By Ivan Garces/ Kaufman Rossin
We live in a global marketplace, and correspondent banking has long been considered the backbone of cross-border payments. However, traditional correspondent banking is facing significant challenges from customers, regulatory and compliance burdens, and non-bank payment providers such as FinTech.
A March 2017 report by the International Monetary Fund (IMF) indicates that cross-border payments have remained relatively stable in terms of volume, yet the number of correspondent banking relationships has decreased.
While correspondent banking plays a key role in global trade, we have seen a number of banks scale back or pull out of correspondent banking relationships all together in response to risk and compliance concerns. Whether you call it de-risking or re-risking, establishing and/or maintaining correspondent banking relationships for foreign financial institutions can carry a heavy administrative and compliance burden for a U.S. financial institution, and the associated risks such relationships pose must be considered alongside potential profitability of such relationships.
In the world of global payments, banks have been seen as a trusted financial intermediary, generally offering reliability, transaction security, high standards and customer services. Yet, traditional global payment services can be costly and cumbersome.
The growth of financial technology firms (FinTech) and acceleration of technological innovation including blockchain and virtual payment services and digital currency (such as Ripple), boasting better transaction speed and lower costs, seem to be changing the landscape for global payments and disrupting the traditional manner in which financial products and services are delivered.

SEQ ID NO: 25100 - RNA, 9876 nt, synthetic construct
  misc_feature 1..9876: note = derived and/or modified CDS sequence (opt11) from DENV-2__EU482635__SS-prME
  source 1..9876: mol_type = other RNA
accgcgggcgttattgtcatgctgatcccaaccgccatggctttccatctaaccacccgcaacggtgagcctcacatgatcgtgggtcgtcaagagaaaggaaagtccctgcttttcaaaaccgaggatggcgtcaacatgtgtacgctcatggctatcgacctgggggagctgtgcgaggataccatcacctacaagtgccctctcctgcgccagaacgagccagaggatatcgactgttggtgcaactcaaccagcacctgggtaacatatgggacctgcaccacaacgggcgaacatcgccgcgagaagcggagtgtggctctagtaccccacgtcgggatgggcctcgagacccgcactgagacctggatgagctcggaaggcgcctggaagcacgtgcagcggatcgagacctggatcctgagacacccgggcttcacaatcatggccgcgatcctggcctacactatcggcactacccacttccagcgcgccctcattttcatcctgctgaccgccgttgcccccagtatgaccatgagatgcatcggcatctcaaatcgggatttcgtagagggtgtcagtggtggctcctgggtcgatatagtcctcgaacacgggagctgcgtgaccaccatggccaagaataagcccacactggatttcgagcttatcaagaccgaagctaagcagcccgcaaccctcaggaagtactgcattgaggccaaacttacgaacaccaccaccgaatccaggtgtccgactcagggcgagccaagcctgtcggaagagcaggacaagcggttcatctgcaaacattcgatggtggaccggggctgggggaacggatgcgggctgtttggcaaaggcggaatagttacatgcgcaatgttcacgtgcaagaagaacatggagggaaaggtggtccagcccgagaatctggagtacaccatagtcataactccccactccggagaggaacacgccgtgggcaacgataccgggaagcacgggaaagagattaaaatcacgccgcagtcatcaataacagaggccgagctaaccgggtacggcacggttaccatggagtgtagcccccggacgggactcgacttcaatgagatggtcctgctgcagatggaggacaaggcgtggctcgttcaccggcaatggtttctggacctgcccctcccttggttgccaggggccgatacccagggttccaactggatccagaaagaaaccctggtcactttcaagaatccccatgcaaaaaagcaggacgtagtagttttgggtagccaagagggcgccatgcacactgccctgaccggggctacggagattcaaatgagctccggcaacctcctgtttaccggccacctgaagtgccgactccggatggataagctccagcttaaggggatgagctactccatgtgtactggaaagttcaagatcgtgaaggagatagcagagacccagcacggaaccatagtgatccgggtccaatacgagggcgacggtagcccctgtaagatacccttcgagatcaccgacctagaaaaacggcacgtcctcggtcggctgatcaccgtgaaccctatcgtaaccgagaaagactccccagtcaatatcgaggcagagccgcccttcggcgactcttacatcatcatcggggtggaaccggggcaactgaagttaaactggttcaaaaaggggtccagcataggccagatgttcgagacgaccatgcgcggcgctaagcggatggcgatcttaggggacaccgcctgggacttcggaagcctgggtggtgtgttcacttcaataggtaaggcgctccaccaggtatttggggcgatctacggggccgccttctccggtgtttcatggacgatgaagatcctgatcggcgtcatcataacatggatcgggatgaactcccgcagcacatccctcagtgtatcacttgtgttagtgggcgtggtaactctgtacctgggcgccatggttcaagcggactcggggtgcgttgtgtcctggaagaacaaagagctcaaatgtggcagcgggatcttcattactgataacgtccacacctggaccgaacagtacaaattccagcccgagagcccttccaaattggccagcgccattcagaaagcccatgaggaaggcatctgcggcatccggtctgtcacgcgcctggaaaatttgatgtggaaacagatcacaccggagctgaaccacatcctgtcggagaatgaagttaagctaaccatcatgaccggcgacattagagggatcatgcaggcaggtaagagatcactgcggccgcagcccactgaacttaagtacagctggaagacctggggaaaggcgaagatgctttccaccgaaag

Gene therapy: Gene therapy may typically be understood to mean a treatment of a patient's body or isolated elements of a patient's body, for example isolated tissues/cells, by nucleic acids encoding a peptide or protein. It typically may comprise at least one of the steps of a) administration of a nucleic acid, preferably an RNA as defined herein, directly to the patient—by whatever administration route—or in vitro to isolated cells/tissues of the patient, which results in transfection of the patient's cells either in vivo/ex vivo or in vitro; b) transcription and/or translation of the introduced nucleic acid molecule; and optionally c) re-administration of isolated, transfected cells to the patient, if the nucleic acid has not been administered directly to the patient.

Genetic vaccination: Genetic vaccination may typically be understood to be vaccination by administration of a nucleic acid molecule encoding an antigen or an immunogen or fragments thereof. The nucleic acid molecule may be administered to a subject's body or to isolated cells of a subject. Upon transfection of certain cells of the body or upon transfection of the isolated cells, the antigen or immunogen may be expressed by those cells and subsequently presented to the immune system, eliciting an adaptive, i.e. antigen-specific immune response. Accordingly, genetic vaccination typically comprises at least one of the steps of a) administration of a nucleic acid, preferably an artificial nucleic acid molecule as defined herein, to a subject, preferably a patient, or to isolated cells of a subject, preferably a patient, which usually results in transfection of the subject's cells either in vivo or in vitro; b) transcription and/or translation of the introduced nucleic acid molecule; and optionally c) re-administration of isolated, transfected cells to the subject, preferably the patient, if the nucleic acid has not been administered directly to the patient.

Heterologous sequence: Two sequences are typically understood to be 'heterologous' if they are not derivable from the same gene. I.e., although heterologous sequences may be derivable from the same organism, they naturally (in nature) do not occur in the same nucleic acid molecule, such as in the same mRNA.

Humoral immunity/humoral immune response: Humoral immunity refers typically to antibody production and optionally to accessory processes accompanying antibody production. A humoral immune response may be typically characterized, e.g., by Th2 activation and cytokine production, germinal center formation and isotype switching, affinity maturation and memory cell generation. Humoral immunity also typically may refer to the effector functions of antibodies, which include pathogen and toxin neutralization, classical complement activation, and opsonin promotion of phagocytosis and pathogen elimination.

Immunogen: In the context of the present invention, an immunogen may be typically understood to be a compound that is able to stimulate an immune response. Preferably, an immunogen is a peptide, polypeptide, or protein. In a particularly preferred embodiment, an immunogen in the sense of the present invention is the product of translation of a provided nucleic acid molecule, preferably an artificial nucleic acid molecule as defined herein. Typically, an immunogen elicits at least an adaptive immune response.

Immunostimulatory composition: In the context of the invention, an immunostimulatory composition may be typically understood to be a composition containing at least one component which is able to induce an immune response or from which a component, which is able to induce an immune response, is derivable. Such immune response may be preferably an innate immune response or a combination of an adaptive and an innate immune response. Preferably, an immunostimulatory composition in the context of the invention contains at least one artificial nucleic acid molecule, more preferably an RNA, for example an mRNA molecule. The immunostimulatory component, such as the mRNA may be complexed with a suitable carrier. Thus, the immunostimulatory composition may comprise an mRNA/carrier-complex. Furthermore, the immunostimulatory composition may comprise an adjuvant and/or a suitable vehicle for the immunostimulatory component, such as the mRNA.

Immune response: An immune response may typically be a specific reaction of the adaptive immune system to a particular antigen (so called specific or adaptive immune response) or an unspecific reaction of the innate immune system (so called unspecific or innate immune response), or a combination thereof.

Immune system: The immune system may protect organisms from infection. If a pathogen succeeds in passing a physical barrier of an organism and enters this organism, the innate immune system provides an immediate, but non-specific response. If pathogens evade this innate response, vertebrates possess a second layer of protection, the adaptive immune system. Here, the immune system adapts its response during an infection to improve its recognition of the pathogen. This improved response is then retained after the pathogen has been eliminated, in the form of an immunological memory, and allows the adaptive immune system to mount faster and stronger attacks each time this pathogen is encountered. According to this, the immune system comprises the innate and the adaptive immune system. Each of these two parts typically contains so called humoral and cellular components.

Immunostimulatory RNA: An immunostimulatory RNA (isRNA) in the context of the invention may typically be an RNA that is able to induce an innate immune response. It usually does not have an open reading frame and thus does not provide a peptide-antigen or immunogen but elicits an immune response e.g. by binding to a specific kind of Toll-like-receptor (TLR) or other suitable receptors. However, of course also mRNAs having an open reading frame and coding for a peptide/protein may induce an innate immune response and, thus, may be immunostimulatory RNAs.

In fact, in the opening remarks of the ICC Banking Commission’s annual meeting earlier this month, Maria Fernanda Garza, ICC executive board member and CEO of Orestia, Mexico, cited new competition from innovative players as one of the top threats financial institutions are currently facing. She also mentioned potential benefits for banks who leverage FinTech innovations and partner with these new players.
One of the key challenges for banks that want to stay competitive with FinTech will be speeding up their payment processes. In the global payments realm, blockchain and other transformational technologies present opportunities for forward-looking banks to shorten trade finance processing times. However, there are also other more immediate ways for banks to start tackling this issue.
Having a strong working relationship and clear communication with correspondent banks will be key to increasing efficiency. Consistency, accuracy and completeness in payment instructions is one basic way to help speed up the process on the front line.
A lack of consistency in regulation is another big area that the financial services industry will need to consider in the coming months and years. Banks have been facing increased regulatory pressure post-9/11 and in the aftermath of the financial crisis and Dodd-Frank. However, newer players to the market like FinTech have yet to face similar requirements in areas such as anti-money laundering compliance, consumer protection and cybersecurity.
Ivan Garces, CPA, CFE, CAMS, CFF, is a risk advisory services practice leader and principal at Kaufman Rossin, one of the top 100 CPA and advisory firms in the U.S. Ivan can be reached at [email protected].